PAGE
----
Almost three months after the Indian Ocean tsunami crashed into the shores of Southern Thailand, many in the hardest-hit areas are still struggling to rebuild their lives and communities.
Sarot Gaowbadit is repairing his fleet of deep-sea fishing boats, all badly damaged in last December's tsunami. His village, Baan Nam Khem, lost 90 boats, both big sea-going vessels and small coastal boats, when the waves hit.
Baan Nam Khem is in the Khao Lak region of Thailand's Phang Nga province on the Andaman Sea, one of the areas hardest hit by the massive waves on December 26.
Each of Mr. Sarot's boats is worth $25,000 or more, but he says, he is doing the repair work with little government help.
The Thai government is paying 100 percent compensation to owners of smaller vessels, but deep-sea fishing boat owners are only receiving aid equal to 10 percent of a boat's value. The government says that the owners of small boats are usually very poor, while owners of bigger vessels have greater resources.
But Mr. Sarot says he faces financial difficulties as a result of the heavy repair costs.
Mr. Sarot says he has spent almost $8,000 repairing just one boat, but the government has only given him $500, $250 for repairs and another $250 to buy household items, such as a refrigerator, fans, and bedding.
He has little equipment for repairs and is in debt to a shop where he bought new tools worth $300 on credit.
Khao Lak bore the full force of the tsunami, which in Phang Nga Province claimed more than 4,000 lives. Altogether, more than 8,000 people in Thailand died or disappeared in the disaster.
Although tens of millions of dollars in government and private aid has been promised, many survivors in Thailand say they have yet to receive assistance.
Utsanee Bangavijit had a street stall in Baan Nam Khem before the tsunami washed it away. She is angry that people like her have received almost nothing to help them return to their livelihoods.
She says the government helps the owners of fishing boats, but no one is helping the street sellers, and she wonders when she will receive aid.
Thai officials say they are doing everything they can. But they say they have received false compensation claims, and therefore aid applicants must provide what they call "solid documentation" before they can get help.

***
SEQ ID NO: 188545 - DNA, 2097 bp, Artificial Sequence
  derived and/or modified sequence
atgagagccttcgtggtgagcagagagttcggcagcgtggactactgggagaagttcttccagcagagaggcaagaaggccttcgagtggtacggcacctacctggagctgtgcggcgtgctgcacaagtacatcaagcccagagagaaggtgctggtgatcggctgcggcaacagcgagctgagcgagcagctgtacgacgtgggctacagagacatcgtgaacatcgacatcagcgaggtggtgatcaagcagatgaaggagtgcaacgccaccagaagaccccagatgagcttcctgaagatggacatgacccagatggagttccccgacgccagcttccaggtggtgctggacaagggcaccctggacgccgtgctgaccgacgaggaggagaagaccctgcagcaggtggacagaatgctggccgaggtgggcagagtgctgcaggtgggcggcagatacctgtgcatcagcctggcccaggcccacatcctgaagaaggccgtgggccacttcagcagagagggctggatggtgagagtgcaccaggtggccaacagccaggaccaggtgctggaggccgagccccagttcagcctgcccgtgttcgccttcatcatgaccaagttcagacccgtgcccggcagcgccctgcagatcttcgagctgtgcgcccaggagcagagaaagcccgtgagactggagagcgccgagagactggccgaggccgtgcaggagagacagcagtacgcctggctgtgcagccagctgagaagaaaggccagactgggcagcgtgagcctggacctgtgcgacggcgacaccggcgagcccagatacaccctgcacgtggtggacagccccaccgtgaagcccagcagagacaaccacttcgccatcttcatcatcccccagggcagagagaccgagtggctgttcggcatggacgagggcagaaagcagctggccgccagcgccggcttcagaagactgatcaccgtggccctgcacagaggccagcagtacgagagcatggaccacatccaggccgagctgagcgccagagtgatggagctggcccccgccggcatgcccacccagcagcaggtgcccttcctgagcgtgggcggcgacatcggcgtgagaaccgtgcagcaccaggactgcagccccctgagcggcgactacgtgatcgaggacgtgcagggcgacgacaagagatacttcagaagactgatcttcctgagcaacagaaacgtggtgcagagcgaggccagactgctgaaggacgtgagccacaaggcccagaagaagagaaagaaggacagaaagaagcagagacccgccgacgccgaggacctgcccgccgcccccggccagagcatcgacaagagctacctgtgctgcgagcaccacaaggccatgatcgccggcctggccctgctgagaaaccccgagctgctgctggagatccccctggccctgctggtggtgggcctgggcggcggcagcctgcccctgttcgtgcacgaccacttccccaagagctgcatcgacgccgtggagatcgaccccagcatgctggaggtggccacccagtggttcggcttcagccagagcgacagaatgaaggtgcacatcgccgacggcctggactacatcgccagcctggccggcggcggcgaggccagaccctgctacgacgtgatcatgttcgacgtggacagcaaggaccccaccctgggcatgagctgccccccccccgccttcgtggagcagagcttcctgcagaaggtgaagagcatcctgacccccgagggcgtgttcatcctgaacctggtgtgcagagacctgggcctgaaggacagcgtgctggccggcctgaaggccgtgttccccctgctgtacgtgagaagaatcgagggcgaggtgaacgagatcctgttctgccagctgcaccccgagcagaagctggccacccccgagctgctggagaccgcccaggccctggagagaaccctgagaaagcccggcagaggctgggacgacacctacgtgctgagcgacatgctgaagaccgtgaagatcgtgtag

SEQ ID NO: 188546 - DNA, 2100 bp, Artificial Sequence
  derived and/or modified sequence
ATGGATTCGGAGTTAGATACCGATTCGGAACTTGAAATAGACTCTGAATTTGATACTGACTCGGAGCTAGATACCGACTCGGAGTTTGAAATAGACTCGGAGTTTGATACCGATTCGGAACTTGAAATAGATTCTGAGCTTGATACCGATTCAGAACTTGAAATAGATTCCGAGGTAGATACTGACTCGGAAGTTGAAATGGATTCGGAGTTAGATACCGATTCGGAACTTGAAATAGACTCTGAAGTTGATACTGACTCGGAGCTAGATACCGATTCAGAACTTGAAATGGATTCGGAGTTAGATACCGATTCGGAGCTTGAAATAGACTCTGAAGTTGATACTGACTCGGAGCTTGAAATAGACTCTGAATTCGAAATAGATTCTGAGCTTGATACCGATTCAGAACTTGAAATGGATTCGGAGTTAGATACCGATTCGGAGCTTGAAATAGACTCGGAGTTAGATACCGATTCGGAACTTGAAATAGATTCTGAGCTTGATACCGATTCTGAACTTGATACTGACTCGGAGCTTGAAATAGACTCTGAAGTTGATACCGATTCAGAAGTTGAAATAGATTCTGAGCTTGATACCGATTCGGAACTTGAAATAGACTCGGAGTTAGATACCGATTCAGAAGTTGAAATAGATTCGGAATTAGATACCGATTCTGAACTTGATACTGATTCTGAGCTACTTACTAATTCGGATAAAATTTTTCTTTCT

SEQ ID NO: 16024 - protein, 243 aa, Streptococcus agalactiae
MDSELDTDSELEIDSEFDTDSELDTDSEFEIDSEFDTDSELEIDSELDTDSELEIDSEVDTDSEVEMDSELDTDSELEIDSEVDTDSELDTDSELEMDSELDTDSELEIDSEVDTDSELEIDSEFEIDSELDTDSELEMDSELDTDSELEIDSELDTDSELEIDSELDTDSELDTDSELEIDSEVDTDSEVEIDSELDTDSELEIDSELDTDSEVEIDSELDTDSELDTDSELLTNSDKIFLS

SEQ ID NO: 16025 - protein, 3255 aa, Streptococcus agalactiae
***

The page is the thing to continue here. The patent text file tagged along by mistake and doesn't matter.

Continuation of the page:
Orapin Dawson, a British-based education consultant, has visited relief centers to learn how her organization, The Anglo-Thai Society in Britain, can help. Mrs. Dawson says there appears to be considerable confusion over how to get government funds.
"Even when they are told by the government that they can have 20,000 baht [$500] to repair something, they do not know where to apply, they do not even know how to apply," she said. "And you have got to have documents they not have because they have been washed [away]. If you do not have it, you do not get it, and that is sad really."
Watcharee Luangow is one of those who lost crucial documents about her home and her family. The 34-year-old woman, whose family has lived in Baan Nam Khem for more than 20 years, says she is fearful for her future.
Mrs. Watcharee says she lost her home and has no job, but still needs to find the money to send her children to school.
She is among the dozens of people living in temporary housing at a temple in her village.
Anne Mathuros Bhucharoen is a manager with an Internet community assistance project that helps market hand-made products to boost Khao Lak's economy. She says there is an urgent need for aid.
"The fisherman village, all they need is equipment and also some money to start up their new life - urgently," she aid. "They were told they would have some money coming, but they are not sure where to get or when to get [it]. So meanwhile, they need to provide for themselves in order to earn their living for fishing."
There are signs of progress. On March 13, the Royal Thai Army handed over to Baan Nam Khem residents more than 100 new permanent houses it had built. They were the first batch of 800 to be built under a government program.
The ceremony marked at least one step on the road to recovery from the trauma of the December tragedy.